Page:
Oman Journal of Ophthalmology

CLINICAL QUIZ
Year
: 2015  |  Volume : 8  |  Issue : 3  |  Page : 215-

Nonprogressive, bilateral painless swellings of the lacrimal glands


Upender Wali, M Kashinatha Shenoy, Buthaina Al-Sabt, Abdullah Al-Mujaini 
 Department of Ophthalmology, Sultan Qaboos University Hospital, Muscat, Oman

Correspondence Address:
Dr. Abdullah Al-Mujaini
Department of Ophthalmology, Sultan Qaboos University Hospital, Muscat
Oman




How to cite this article:
Wali U, Shenoy M K, Al-Sabt B, Al-Mujaini A. Nonprogressive, bilateral painless swellings of the lacrimal glands.Oman J Ophthalmol 2015;8:215-215


How to cite this URL:
Wali U, Shenoy M K, Al-Sabt B, Al-Mujaini A. Nonprogressive, bilateral painless swellings of the lacrimal glands. Oman J Ophthalmol [serial online] 2015 [cited 2022 Oct 4 ];8:215-215
Available from: https://www.ojoonline.org/text.asp?2015/8/3/215/169903


Full Text

A 22-year-old male presented with fullness in the lateral aspect of the right upper lid and swelling in right lateral canthal area since 6 years. The swelling has progressed minimally since then. He did not seek any medical treatment partly because the swelling was not grossly visible from outside, and partly he did not have any pain. There was no history of trauma. On examination an 8 mm × 4 mm translucent bluish-purple nodular soft cystic swelling with a hyperemic swollen conjunctival base was found in the palpebral portion of the lacrimal gland [Figure 1]. He had two transparent cysts in the palpebral portion of the lacrimal gland in the left eye as well. These were nontender with no associated involvement of adjacent structures or signs of inflammation. There was no preauricular or submandibular lymphadenopathy. Slit lamp examination both eyes showed normal anterior (cornea, anterior chamber, lens) and posterior segments.{Figure 1}

 Questions



What is the likely diagnosis? Describe three features in support of your diagnosis.What are the common differential diagnoses of nontender, cystic slow-progressing swelling of the lacrimal gland.

 View Answer

 Answers



Diagnosis: Right eye: Orbital dacryops; three distinguishing features:A nodular cystic lesion, originating from the palpebral portion of the lacrimal glandPainless, slowly enlarging massRare.Differential diagnoses:Primary or infiltrative tumors of the lacrimal glandCystic orbital dermoids or epidermoidsProlapsed lacrimal gland.

 Description



Cysts involving lacrimal gland are uncommon, and dacryops is a rare ophthalmologic finding.[1] Dacryops is a ductal cyst of the lacrimal gland, usually well-encapsulated. It can cause diplopia due to globe displacement or motility restriction.[2] Cysts of the palpebral lobe of the lacrimal gland are most common and usually occur unilaterally. Dacryops, however, is a rare cyst of the orbit and is often bilateral. It originates from the palpebral or orbital portion of the lacrimal gland and usually produces fullness in the superior fornix. Dacryops is thought to be due to prolapse of the lacrimal gland to a sufficient degree to produce obstruction of the lacrimal ducts and chronic inflammation of the lacrimal gland tissue that weakens the wall of the ductules and allows them to expand. Trauma has been implicated in the etiology of dacryops.[3] These cysts are diagnosed easily on clinical examination with a classical appearance of a nontender, lateral upper lid swelling along with circumscribed, bluish, translucent cysts in the cul-de-sac of the superior temporal orbit (as in our case). Cases having tenderness and irritation have been reported.[4] Recent evidence suggests dacryops can be a sequel of scarring or obstruction of the lacrimal ducts following repeated orbital surgeries including keratoprosthesis.[5] Dacryops can be distinguished from cystic orbital dermoids and epidermoids. The later two are typically associated with a well-corticated, bony fossa in the adjacent orbit because they arise within the bony diploe. Fat or keratineceous densities within the cystic cavity are characteristic of dermoids and epidermoids. Dacryops infections can be characterized through imaging with or without histopathology in the differential of ocular adnexal masses in the setting of infection.[6] Histopathologically dacryops has a cystic space lined by columnar epithelial cells consistent with ductal origin. Though orbital dacryops is a distinct clinical entity, sonographic and computed tomography/magnetic resonance imaging scans may be indicated mainly to distinguish from other lacrimal gland tumors. Treatment options include excision through lateral orbitotomy or marsupialization.[7] However, our patient refused to undergo surgery.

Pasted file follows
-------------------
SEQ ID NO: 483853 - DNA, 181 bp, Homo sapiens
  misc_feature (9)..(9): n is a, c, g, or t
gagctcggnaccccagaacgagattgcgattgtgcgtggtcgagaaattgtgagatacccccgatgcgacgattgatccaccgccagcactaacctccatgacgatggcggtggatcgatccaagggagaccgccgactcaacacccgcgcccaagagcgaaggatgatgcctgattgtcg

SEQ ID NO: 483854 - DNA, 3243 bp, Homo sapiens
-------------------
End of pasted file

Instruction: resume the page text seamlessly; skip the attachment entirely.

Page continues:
References

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5Gonzalez-Saldivar G, Lee NG, Chodosh J, Freitag SK, Stacy RC. Dacryops in the setting of a Boston type II keratoprosthesis. Ophthal Plast Reconstr Surg 2014;30:e73-5.
6Kurup SP, Lissner GS. Characterization of dacryops infections. Ophthal Plast Reconstr Surg 2015;31:58-62.
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